Here’s what we can expect for Super Tuesday. Mitt Romney will win his home state of Massachusetts, the neighboring state of Vermont, and Virginia, where Ron Paul is the only other candidate on the ballot. Rick Santorum will win Oklahoma. And Newt Gingrich will win his home state of Virginia. When all the ballots are counted, Romney will probably come away with the most delegates by a comfortable margin.
What we don’t know is what will happen in Ohio and Tennessee. Santorum was ahead in both states for some time. But recent polls show that Romney has made the race close in both states. Santorum still appears to be the slight favorite in Tennessee, while Romney may now be the favorite in Ohio. Even winning both states wouldn’t give Romney and insurmountable lead in the delegate count. But if Romney can win both in midwestern Ohio and in the Bible Belt state of Tennessee, it’s difficult to see how Santorum can win the nomination.
Ohio matters the most. Republicans are likely to win Tennessee in the fall no matter who they nominate. But Ohio is a swing state. It could go either way and could easily decide a close election. Moreover, the same issue that will likely determine the general election, the economy, will largely determine who wins the Ohio primary.
As I wrote last week, Romney has difficulty appealing to the blue-collar voters that make up a large part of Ohio’s electorate. He managed to win in Michigan, even though exit polls show he lost among voters who made less than $100,000 a year. In a careful analysis of a recent YouGov poll, John Sides and Lynn Vavreck found that 88% percent of respondents said Romney cares about the wealthy, but just 35% said he cares about people like themselves—a 53 point difference. Fewer people thought Santorum was more likely to care about the wealthy than about themselves, with 81% saying he cares about the wealthy, compared to 49% who said he cares about people like them. For Obama the difference between the numbers was even smaller, with 58% saying he cares about the wealthy, versus 50% who said that he cares about people like themselves—just an 8 point cap. If Romney loses blue-collar voters in Ohio to Santorum, he’s going to have a hard time convincing them he’s their candidate in the general election.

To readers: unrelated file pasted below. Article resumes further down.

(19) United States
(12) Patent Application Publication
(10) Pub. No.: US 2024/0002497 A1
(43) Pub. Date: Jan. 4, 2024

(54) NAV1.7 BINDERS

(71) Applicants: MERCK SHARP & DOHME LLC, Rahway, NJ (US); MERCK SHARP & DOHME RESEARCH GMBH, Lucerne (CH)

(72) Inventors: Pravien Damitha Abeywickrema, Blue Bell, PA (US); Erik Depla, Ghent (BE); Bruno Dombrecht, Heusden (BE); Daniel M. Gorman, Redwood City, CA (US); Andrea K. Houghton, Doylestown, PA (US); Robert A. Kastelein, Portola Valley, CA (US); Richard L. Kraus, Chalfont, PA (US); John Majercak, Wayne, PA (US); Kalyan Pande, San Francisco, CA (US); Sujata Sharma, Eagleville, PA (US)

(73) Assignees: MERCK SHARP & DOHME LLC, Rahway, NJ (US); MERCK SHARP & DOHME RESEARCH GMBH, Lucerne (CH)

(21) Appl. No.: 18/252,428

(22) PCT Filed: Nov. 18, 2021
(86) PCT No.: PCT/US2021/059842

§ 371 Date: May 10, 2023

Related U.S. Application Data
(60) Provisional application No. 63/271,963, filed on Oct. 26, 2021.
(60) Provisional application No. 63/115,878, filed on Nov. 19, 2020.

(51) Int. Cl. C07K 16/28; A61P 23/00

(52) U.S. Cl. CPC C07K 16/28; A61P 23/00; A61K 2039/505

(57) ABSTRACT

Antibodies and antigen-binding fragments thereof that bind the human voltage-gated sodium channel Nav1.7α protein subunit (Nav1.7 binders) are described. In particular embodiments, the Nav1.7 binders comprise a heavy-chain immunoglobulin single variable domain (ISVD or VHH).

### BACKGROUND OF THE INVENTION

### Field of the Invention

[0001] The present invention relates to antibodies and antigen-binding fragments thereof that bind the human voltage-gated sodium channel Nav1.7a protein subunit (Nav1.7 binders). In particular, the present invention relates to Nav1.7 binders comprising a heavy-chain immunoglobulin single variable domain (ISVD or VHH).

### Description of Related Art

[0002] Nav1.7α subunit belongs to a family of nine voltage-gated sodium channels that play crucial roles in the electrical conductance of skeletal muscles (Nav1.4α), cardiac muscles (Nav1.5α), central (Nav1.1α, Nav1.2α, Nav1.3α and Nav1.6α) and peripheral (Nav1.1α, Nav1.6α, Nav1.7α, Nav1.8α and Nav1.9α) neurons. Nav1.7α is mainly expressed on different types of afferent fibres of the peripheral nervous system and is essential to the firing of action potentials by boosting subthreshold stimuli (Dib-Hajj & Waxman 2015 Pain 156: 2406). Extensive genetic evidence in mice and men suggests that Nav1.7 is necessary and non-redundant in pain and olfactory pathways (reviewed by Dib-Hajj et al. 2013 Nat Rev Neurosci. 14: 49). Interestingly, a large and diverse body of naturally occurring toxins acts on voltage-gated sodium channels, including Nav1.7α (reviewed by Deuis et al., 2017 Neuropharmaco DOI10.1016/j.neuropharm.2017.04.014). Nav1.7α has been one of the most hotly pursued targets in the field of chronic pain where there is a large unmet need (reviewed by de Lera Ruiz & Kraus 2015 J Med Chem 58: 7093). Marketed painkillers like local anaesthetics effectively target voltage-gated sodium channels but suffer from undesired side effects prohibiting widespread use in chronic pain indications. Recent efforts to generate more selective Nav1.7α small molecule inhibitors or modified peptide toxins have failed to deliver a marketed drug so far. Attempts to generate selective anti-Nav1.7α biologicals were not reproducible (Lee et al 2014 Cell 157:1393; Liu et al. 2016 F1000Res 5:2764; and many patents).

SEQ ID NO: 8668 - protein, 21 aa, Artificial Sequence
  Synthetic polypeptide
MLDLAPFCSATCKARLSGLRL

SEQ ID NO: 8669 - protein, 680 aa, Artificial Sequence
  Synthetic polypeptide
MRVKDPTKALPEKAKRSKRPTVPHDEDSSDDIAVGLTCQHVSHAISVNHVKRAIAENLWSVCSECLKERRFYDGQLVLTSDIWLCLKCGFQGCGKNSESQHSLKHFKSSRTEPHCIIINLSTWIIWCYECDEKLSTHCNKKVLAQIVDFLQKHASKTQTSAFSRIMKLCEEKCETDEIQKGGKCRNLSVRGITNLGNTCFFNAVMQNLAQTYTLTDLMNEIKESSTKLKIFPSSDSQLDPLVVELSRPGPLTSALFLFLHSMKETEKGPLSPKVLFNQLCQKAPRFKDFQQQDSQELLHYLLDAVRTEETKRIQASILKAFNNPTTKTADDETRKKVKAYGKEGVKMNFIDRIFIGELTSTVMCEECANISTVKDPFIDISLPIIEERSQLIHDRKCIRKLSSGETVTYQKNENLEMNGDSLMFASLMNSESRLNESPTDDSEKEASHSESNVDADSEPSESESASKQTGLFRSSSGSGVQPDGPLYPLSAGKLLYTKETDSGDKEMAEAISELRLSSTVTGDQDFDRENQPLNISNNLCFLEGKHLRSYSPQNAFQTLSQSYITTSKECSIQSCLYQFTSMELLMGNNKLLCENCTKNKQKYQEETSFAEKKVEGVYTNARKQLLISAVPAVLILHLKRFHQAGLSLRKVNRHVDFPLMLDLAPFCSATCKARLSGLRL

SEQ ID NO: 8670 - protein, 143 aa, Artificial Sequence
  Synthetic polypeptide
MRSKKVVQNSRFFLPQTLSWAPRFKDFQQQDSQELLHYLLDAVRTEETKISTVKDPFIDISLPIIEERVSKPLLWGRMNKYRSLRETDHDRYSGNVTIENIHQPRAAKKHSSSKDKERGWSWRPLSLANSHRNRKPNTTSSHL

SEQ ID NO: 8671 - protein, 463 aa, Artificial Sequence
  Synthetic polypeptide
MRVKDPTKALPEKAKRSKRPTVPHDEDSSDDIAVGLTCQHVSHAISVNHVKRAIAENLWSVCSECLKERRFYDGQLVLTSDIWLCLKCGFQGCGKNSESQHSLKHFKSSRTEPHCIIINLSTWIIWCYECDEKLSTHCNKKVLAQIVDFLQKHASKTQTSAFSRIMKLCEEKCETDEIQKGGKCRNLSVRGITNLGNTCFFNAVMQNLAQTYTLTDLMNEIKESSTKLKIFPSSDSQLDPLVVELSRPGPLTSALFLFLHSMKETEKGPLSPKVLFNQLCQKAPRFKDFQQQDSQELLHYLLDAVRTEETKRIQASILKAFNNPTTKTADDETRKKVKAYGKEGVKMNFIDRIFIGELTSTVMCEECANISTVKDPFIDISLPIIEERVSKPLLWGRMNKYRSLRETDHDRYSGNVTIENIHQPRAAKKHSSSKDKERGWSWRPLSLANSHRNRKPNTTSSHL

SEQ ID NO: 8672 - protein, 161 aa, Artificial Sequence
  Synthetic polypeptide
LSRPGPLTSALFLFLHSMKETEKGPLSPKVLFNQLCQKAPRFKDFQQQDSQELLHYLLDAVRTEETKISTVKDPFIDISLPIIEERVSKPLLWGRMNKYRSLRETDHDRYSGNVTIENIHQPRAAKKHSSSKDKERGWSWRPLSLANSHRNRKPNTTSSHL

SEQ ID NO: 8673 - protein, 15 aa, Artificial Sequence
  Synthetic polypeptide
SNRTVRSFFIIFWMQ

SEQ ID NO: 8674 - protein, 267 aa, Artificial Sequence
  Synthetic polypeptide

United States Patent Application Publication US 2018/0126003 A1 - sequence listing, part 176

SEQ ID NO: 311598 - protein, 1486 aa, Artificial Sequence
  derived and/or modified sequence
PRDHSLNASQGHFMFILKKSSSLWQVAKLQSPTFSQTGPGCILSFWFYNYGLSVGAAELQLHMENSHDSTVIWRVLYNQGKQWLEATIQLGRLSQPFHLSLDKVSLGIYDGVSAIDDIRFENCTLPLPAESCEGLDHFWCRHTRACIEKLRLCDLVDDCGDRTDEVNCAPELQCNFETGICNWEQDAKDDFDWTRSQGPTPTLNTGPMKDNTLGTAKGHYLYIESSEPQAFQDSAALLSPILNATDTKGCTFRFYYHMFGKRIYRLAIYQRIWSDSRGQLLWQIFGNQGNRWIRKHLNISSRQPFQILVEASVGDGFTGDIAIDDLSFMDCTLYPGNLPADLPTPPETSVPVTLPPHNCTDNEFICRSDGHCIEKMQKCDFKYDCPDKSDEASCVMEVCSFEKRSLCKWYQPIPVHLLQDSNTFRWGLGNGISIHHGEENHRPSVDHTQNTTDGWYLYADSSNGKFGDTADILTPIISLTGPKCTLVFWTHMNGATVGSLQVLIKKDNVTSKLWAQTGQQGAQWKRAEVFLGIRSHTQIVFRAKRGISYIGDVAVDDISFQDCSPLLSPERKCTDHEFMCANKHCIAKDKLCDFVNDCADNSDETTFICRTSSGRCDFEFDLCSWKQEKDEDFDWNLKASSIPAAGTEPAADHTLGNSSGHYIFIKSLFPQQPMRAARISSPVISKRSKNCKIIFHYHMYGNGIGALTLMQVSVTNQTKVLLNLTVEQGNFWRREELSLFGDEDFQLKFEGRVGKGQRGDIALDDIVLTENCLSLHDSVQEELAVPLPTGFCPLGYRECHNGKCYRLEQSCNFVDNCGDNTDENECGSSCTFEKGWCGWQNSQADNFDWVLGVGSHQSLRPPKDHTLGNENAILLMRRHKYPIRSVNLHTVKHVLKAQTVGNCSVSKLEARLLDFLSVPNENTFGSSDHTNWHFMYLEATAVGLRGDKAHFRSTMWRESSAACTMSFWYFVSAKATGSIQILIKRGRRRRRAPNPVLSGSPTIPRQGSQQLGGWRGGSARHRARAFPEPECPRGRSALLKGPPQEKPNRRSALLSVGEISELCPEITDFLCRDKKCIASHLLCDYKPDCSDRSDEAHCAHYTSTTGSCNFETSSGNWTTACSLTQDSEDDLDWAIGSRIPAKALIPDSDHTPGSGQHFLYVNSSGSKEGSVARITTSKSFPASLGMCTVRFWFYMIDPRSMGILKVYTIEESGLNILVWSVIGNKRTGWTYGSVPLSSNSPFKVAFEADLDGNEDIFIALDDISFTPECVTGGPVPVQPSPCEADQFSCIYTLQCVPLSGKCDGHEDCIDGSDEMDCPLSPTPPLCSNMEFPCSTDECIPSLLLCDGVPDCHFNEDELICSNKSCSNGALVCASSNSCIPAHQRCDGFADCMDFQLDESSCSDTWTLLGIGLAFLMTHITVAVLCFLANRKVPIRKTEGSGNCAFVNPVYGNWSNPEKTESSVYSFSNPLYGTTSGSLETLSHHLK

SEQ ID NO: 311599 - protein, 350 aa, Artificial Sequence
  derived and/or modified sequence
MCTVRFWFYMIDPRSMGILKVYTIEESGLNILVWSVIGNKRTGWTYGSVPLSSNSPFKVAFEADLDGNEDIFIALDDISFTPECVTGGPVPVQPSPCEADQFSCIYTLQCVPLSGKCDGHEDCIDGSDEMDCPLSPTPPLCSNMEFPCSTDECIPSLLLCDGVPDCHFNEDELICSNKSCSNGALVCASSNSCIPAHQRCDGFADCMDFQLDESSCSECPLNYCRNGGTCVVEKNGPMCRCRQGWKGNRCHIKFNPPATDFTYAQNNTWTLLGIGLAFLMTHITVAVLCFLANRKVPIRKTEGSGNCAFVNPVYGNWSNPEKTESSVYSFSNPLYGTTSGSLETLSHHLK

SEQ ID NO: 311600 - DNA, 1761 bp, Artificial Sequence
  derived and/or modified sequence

That’s why all eyes are on Ohio. A Republican could certainly lose Ohio and still win the presidency. But it would be a lot harder to win the general election without Ohio. If Romney wins the Ohio primary, Republican leaders may begin to pull their support from Santorum, which would make it hard for him to continue. But if Santorum can pull off a victory, it will raise serious questions about Romney’s ability to beat Obama. Big Thinkers Kris Broughton and Peter Lawler are probably right to argue that Romney will win anyway. Romney would certainly remain the favorite to win the nomination. Nevertheless the race would continue to go on. And if Romney lost Ohio by a large enough margin, some Republicans would think seriously about backing a late-entry candidate to challenge him.
Ohio Statehouse image from Alexander Smith